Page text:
CRYPTO NEWS AGREGATOR
Tue, May 26, 2020 4:55 PM by Sumit Bera

How Sharding Will Change Crypto World

Ethereum Sharding
Sharding is the separation of the network into autonomous blockchains (shards), each with its own “mini-blockchain." So all the nodes don’t have to process each transaction in real-time mode. This increases transaction processing speed and network bandwidth.

Sharding has become one of the top topics for discussion in the Ethereum community. It is considered one of the
key solutions to the scalability problem of this blockchain. Previously, Ethereum acted as a single database, all nodes of which stored the same copies of the blockchain and confirmed the same network transactions, then after a hard fork, the network includes separate shards, each of which processes its own transactions and smart contracts. 

Why apply sharding?

Sooner or later, developing applications face the problem of scaling. This happens when the current database server can no longer cope quickly and efficiently with the load and respond to application requests. Then the database is divided into parts and sends info to different shards. Also in conjunction with sharding, replication is often used. In this case, the servers (shards) receive copies of themselves. This improves system resiliency.

Sharding technology and its application

In Ethereum each fragment may contain data that all other shardings have. However, access to this information is possible only through the main fragment. This means that the data in each element of the system is unique. To access and use the data, it is necessary to queue a specific fragment containing the specified information.

Technically, database sharding looks simple enough, but in practice, you need to use it extremely carefully. Because when the database is divided into parts and one request must receive data from different shards (servers), the divided data must be "collected" back correctly.

How does sharding work on the Ethereum network?

  1. First, it will be necessary to direct 32 ETH in the Beacon Chain to become a validator in a subsidiary network.
  2. Periodically the system will check registered validators and queue those who burned ETH in the contract.
  3. Verification is required to mix all validators to exclude pseudo-randomness.
  4. Each fragment has nodes that can create a new/next shard.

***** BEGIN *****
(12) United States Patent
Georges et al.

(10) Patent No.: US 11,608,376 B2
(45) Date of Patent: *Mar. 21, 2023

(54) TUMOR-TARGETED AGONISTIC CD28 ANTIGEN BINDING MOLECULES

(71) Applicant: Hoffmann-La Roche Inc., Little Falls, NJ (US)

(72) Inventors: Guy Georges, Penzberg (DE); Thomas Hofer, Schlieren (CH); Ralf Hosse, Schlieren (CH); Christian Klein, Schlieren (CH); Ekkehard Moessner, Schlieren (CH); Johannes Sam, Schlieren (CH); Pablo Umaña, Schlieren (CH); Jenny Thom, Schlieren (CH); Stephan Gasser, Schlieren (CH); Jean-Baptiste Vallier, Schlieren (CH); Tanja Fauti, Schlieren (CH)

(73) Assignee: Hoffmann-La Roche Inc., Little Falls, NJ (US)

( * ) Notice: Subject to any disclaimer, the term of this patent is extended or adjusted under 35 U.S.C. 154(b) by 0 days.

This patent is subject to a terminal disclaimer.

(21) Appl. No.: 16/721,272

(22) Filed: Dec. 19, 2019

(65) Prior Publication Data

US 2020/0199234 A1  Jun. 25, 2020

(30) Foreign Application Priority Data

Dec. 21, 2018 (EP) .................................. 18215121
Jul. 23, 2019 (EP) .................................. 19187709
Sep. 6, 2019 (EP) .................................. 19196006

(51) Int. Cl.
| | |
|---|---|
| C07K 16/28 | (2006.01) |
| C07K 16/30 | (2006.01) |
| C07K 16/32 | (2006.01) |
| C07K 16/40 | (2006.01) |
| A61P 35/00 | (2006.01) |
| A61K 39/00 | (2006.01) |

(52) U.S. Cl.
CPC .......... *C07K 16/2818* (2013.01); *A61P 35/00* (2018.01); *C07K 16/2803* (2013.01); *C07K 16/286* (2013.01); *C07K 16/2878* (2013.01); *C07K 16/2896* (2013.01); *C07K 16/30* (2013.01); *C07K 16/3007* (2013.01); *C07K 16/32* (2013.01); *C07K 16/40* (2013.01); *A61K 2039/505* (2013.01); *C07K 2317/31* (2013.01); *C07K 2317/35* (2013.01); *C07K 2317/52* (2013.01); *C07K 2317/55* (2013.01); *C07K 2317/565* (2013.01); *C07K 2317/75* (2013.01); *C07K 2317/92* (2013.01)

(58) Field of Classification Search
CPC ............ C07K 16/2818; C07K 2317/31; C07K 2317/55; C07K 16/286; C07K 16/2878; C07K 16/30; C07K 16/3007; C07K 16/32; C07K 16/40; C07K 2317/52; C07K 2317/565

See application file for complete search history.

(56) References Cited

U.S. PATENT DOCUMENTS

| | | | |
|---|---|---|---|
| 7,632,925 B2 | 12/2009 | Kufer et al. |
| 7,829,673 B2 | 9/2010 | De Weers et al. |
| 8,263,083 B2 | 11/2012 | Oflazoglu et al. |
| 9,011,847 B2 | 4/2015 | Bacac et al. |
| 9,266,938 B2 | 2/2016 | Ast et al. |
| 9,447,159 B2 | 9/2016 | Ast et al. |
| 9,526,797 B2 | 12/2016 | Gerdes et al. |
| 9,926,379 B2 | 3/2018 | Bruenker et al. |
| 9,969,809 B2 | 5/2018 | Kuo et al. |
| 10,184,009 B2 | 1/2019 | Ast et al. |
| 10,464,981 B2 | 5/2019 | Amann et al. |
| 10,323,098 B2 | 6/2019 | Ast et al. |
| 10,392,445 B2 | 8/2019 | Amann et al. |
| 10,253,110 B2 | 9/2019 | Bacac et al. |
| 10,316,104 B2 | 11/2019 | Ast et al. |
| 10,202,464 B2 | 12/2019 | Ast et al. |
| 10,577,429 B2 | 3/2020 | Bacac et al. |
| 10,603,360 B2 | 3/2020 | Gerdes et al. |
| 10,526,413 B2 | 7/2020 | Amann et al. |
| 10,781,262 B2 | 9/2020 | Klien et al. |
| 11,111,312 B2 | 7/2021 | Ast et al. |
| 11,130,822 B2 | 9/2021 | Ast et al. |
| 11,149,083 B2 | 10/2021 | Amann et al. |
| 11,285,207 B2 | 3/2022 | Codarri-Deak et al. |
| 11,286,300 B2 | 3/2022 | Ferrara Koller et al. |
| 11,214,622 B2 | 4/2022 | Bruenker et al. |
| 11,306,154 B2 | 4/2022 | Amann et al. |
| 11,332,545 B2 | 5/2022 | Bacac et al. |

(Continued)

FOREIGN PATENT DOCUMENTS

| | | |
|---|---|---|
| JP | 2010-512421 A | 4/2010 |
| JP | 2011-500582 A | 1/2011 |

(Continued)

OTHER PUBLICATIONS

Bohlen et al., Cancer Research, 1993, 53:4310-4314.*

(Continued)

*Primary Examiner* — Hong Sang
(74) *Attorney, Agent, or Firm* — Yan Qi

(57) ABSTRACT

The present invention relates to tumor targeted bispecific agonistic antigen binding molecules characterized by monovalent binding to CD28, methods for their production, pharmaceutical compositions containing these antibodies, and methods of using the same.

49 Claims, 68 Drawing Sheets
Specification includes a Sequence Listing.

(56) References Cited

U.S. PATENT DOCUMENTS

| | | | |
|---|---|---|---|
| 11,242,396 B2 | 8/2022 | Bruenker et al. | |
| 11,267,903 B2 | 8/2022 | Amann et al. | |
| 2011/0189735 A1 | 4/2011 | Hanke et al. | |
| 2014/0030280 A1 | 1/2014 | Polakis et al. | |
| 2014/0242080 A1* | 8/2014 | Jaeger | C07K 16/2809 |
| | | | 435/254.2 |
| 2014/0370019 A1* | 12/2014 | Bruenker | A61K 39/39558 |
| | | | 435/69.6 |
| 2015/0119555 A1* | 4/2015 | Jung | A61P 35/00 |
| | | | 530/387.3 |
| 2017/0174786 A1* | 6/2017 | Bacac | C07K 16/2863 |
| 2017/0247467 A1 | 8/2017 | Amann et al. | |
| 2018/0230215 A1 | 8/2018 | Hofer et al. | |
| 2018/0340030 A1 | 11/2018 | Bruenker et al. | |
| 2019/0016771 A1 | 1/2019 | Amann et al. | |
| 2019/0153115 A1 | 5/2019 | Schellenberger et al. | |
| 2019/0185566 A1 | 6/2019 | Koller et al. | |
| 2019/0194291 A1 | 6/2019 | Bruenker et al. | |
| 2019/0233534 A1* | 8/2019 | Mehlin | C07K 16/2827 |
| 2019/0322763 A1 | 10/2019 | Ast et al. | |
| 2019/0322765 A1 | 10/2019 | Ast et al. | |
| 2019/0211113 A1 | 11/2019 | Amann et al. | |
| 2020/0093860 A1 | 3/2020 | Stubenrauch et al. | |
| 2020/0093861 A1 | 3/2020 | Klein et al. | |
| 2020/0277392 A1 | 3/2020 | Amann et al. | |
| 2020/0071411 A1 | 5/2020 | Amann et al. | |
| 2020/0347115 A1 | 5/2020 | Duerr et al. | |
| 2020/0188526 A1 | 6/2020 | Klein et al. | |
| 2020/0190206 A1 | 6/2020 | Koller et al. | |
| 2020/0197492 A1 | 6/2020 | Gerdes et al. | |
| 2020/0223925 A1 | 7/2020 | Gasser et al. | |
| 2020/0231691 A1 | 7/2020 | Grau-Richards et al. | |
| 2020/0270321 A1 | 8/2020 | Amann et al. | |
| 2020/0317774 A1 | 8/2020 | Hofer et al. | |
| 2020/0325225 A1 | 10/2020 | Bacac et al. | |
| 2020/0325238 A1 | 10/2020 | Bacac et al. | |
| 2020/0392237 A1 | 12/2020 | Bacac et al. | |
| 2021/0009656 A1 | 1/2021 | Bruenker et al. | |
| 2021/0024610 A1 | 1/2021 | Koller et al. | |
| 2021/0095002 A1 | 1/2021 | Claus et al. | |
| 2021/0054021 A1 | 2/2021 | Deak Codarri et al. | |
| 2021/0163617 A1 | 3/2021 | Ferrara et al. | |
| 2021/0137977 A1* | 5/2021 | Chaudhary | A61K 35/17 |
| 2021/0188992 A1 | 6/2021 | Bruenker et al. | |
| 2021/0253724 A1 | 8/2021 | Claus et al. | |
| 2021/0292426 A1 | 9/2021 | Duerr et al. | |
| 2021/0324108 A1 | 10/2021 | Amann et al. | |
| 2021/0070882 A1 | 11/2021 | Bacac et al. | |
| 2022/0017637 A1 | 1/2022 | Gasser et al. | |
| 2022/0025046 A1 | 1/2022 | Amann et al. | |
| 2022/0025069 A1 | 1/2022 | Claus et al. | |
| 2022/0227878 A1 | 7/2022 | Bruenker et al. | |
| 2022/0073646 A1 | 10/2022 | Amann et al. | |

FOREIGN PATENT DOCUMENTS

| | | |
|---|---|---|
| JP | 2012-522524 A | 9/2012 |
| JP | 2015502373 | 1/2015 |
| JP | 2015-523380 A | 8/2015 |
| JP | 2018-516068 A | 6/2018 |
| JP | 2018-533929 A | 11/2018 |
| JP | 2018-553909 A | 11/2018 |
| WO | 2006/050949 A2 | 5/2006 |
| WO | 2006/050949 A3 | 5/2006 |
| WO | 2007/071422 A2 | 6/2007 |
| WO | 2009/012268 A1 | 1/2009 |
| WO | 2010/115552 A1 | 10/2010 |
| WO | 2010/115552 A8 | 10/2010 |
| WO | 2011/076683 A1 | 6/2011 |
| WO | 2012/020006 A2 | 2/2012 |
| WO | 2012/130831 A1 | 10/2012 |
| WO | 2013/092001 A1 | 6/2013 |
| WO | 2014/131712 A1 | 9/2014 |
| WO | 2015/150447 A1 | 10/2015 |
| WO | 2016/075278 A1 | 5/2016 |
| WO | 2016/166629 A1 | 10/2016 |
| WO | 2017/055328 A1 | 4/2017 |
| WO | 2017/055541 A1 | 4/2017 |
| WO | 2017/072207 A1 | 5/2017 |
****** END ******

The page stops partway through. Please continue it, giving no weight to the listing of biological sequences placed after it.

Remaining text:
5. The new shard must meet certain requirements:
  • It should get information about the current state of the shard before receiving new transactions;
  • Signatures (2/3) of all validators must confirm the transaction (the number of signing validators is 111).

An example of sending 10 ETH from one shard (5) to another (10).

  1. A transaction is sent to shard (5), which reduces the balance by 10 ETH and the system waits for the transaction to complete.
  2. A receipt is created for the transaction, which is not written to the network but stored in the Merkle hash tree, which can be easily verified.
  3. The transaction is sent to shard (10) and sends data to the location of this action in the Merkle tree. Shard (10) checks if this receipt has expired.
  4. Shard (10) processes the transaction and increases the balance by 10 ETH.
  5. Shard (10) publishes information about the receipt of funds in the network and these funds can be spent from shard (10).

Where can it be scaled further?

Next is the super-quadratic or exponential shard scheme. Super-quadratic sharding does all of the above-mentioned but in a segmented chain. If this segmented chain works as expected, then in 2022, or possibly in 2025, we will receive more than a billion transactions per day, or almost a million per second, with the current number of nodes.

Conclusion

Even though sharding is a relatively new technology in the field of blockchain, the developers of several projects are already actively using or intend to use it soon. Indeed, this technology can solve key barriers to the development of the blockchain, which hinders the process of its expansion and adoption on a global scale.

However, the final implementation of the “fragments” in the blockchain will require the fulfillment of some conditions. Firstly, for their wider implementation developers of the block and cryptographic systems must pay more attention to this area. Secondly, the so-called smooth connection between the nodes inside the "fragments" is actually not technically as simple and requires the development of a separate protocol.

The fulfillment of these key conditions can provide a wider introduction of sharding technology. This can help the blockchain overcome current scalability issues and provide higher bandwidth.

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